A tuple is an ordered, immutable list of elements.
Groovy supported tuples with one or two elements before Groovy 2.5.0.
Since Groovy 2.5.0 we can use tuples with maximal nine items.
Groovy added the classes
Tuple3 up to
The bonus we get compared to an unmodifiable list with elements is that we can use properties like
ninth to get items at the specified position.
In the following example we use different
// We can define the types of the elements when we // construct a tuple. def tuple3 = new Tuple3('add', 2, 40.0) // We can use first, second, third properties // to get values from the tuple. assert tuple3.first == 'add' assert tuple3.second == 2 assert tuple3.third == 40.0 // We can use the [index] syntax to get element. assert tuple3 == 'add' // Fully typed tuple. Tuple4 tuple4 = new Tuple4<>('subtract', 100, 55.0, 3) assert tuple4.first == 'subtract' assert tuple4.second == 100 assert tuple4.third == 55.0 assert tuple4.fourth == 3 assert tuple4[-1] == 3 // With subTuple we can get subsequent // values from the tuple as a new tuple. assert tuple4.subTuple(2, tuple4.size()) == new Tuple2(55.0, 3) // We can imagine how to work with Tuple4..Tuple8 :-) // ... // Finally a tuple with 9 items. def tuple9 = new Tuple9('Groovy', 'rocks', 'and', 'is', 'fun', 'to', 'use', 'as', 'language') assert tuple9.fifth == 'fun' assert tuple9.sixth == 'to' assert tuple9.seventh == 'use' assert tuple9.eighth == 'as' assert tuple9.ninth == 'language' // Tuple extends AbstractList, so we can // use all methods from List as well. assert tuple9.join(' ') == 'Groovy rocks and is fun to use as language'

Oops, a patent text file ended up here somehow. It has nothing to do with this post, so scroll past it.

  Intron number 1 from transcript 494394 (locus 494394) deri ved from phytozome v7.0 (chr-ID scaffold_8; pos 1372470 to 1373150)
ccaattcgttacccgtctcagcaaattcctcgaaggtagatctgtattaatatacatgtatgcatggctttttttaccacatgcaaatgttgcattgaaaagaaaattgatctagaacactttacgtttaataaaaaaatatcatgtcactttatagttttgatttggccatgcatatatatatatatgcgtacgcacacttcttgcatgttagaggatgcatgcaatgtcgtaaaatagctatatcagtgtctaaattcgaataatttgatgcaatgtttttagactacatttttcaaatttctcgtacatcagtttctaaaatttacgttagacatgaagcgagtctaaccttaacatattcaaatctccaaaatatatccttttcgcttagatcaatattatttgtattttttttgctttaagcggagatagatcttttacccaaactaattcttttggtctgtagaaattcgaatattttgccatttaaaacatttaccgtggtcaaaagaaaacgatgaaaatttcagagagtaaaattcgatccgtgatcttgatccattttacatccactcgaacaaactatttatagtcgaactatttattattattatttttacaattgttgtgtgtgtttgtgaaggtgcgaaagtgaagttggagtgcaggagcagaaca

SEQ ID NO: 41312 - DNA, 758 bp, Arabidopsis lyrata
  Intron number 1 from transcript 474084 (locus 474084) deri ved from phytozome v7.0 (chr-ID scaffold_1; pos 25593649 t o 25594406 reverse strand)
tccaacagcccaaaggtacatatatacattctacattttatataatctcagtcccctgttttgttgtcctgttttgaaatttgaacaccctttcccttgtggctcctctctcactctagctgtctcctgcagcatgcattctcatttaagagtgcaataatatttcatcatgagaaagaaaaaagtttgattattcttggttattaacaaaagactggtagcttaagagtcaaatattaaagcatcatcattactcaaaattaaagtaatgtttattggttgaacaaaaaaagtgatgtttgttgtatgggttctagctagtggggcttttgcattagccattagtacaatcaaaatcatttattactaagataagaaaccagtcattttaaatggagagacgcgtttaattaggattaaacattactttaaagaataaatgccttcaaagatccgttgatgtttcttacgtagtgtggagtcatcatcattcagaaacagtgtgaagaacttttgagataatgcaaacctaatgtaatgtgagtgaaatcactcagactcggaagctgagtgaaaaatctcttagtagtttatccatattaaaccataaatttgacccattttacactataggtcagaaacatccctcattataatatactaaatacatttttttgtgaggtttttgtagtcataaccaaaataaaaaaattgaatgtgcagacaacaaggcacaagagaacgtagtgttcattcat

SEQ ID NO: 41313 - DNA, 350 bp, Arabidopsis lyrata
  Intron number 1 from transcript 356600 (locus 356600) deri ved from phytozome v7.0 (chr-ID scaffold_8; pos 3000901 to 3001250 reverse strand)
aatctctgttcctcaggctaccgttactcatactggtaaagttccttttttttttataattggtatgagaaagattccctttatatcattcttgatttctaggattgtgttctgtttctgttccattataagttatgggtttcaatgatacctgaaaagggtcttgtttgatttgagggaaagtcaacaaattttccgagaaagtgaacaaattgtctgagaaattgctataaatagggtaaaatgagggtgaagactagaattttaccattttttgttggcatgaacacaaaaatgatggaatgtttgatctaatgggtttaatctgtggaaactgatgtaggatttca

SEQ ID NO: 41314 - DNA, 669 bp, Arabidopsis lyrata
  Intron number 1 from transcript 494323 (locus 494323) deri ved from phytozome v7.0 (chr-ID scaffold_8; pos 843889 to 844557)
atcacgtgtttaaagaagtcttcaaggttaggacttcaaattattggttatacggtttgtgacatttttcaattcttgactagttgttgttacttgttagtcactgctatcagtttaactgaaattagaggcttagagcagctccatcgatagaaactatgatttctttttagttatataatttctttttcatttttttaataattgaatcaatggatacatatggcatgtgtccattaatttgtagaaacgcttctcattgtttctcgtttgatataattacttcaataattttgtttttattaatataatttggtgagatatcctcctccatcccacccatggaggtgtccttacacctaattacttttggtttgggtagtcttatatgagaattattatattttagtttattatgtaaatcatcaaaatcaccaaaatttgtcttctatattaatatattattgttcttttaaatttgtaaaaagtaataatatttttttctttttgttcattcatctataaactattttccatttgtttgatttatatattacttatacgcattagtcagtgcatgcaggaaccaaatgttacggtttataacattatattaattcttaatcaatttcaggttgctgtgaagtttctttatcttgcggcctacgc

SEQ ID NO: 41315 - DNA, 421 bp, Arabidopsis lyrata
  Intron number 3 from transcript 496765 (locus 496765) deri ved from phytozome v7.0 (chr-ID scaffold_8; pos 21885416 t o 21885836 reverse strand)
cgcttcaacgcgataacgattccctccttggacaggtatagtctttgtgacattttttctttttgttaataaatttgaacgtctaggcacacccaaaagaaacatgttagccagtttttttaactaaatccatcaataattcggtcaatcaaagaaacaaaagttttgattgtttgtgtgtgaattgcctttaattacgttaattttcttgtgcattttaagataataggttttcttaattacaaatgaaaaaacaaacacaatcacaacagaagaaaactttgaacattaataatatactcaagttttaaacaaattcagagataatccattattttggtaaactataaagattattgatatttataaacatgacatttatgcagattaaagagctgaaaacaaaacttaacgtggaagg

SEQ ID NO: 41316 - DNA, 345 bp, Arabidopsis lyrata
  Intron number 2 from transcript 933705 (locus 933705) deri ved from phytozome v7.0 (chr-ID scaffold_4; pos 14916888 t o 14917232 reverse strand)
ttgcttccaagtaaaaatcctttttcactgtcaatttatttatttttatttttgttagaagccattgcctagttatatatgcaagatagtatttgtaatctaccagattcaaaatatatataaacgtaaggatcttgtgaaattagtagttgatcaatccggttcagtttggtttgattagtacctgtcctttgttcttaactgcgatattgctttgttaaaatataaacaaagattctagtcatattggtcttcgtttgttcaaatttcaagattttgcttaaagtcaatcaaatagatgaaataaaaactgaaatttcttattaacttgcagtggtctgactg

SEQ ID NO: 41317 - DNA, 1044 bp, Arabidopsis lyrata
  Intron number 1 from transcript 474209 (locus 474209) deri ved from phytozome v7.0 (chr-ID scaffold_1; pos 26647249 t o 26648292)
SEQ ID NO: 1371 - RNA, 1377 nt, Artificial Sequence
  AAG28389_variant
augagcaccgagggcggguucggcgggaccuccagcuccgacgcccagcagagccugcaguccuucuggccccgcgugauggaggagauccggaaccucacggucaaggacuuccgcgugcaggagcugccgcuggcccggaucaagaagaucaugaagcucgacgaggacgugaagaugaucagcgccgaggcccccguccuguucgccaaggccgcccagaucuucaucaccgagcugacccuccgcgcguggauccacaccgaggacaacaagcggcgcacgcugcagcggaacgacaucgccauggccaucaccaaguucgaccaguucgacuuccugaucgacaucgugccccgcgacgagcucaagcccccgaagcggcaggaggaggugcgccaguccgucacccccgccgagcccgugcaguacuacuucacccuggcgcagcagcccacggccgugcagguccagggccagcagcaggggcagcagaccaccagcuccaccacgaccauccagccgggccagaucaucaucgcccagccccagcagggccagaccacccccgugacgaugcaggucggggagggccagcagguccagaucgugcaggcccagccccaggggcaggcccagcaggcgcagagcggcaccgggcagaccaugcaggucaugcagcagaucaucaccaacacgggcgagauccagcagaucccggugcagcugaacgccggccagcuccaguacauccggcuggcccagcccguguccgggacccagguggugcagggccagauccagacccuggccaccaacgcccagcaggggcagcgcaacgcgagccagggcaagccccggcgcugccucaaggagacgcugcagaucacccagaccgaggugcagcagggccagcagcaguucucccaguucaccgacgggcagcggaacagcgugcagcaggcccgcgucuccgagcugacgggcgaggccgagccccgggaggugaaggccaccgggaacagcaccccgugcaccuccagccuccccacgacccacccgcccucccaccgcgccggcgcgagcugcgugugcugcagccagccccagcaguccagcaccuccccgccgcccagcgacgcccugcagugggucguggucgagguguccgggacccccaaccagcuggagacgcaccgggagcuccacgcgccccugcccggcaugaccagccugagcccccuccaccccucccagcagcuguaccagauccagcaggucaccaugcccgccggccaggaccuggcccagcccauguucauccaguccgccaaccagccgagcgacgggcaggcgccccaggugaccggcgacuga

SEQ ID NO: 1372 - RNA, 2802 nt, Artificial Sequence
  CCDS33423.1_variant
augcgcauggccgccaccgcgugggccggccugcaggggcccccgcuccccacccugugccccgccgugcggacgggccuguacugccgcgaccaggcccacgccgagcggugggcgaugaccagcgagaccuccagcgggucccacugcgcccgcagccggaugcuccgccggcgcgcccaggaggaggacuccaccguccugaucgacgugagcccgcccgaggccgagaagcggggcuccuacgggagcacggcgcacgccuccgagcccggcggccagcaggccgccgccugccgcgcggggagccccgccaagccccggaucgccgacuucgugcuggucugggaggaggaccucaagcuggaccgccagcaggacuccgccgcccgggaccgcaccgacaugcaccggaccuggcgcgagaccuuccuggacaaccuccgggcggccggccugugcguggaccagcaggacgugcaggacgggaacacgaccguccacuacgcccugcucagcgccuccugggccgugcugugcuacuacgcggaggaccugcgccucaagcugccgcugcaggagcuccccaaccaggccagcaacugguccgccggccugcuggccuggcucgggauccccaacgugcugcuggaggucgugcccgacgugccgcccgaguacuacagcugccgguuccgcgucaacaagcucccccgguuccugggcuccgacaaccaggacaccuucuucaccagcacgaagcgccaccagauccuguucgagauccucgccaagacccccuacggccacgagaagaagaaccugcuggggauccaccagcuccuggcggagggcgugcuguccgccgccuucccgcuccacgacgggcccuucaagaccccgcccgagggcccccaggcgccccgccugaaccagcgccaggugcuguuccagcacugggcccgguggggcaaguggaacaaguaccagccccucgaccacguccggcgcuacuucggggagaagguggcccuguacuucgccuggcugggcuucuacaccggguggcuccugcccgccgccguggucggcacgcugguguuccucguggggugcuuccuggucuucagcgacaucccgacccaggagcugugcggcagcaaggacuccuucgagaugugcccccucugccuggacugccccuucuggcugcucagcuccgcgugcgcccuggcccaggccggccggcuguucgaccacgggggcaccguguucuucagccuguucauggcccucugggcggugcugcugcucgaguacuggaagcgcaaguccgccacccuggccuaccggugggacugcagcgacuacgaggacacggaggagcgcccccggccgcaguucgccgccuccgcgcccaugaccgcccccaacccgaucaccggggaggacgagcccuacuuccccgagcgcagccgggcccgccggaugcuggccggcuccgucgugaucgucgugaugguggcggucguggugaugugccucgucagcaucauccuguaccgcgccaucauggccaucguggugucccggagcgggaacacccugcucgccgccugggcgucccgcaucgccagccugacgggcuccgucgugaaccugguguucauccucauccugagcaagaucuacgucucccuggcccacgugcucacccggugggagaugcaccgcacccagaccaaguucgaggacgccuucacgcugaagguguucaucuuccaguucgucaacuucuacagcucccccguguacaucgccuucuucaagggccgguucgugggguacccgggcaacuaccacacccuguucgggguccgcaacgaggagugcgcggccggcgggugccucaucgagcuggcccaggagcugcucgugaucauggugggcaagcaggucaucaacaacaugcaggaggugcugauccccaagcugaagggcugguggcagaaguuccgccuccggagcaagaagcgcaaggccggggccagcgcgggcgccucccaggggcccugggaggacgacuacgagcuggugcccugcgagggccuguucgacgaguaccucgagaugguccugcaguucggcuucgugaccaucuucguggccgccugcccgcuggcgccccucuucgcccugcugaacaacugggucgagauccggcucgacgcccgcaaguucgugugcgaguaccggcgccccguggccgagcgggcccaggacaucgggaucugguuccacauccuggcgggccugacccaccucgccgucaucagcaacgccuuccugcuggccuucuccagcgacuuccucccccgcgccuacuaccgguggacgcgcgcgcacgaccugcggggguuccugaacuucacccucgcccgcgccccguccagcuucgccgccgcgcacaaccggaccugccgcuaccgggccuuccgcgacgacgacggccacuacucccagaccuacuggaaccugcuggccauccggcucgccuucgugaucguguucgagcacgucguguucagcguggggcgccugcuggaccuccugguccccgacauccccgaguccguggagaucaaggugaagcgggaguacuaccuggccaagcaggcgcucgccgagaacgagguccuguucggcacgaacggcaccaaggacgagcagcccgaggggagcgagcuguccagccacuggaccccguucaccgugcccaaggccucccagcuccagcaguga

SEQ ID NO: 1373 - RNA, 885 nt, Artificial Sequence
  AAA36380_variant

Written with Groovy 2.5.0.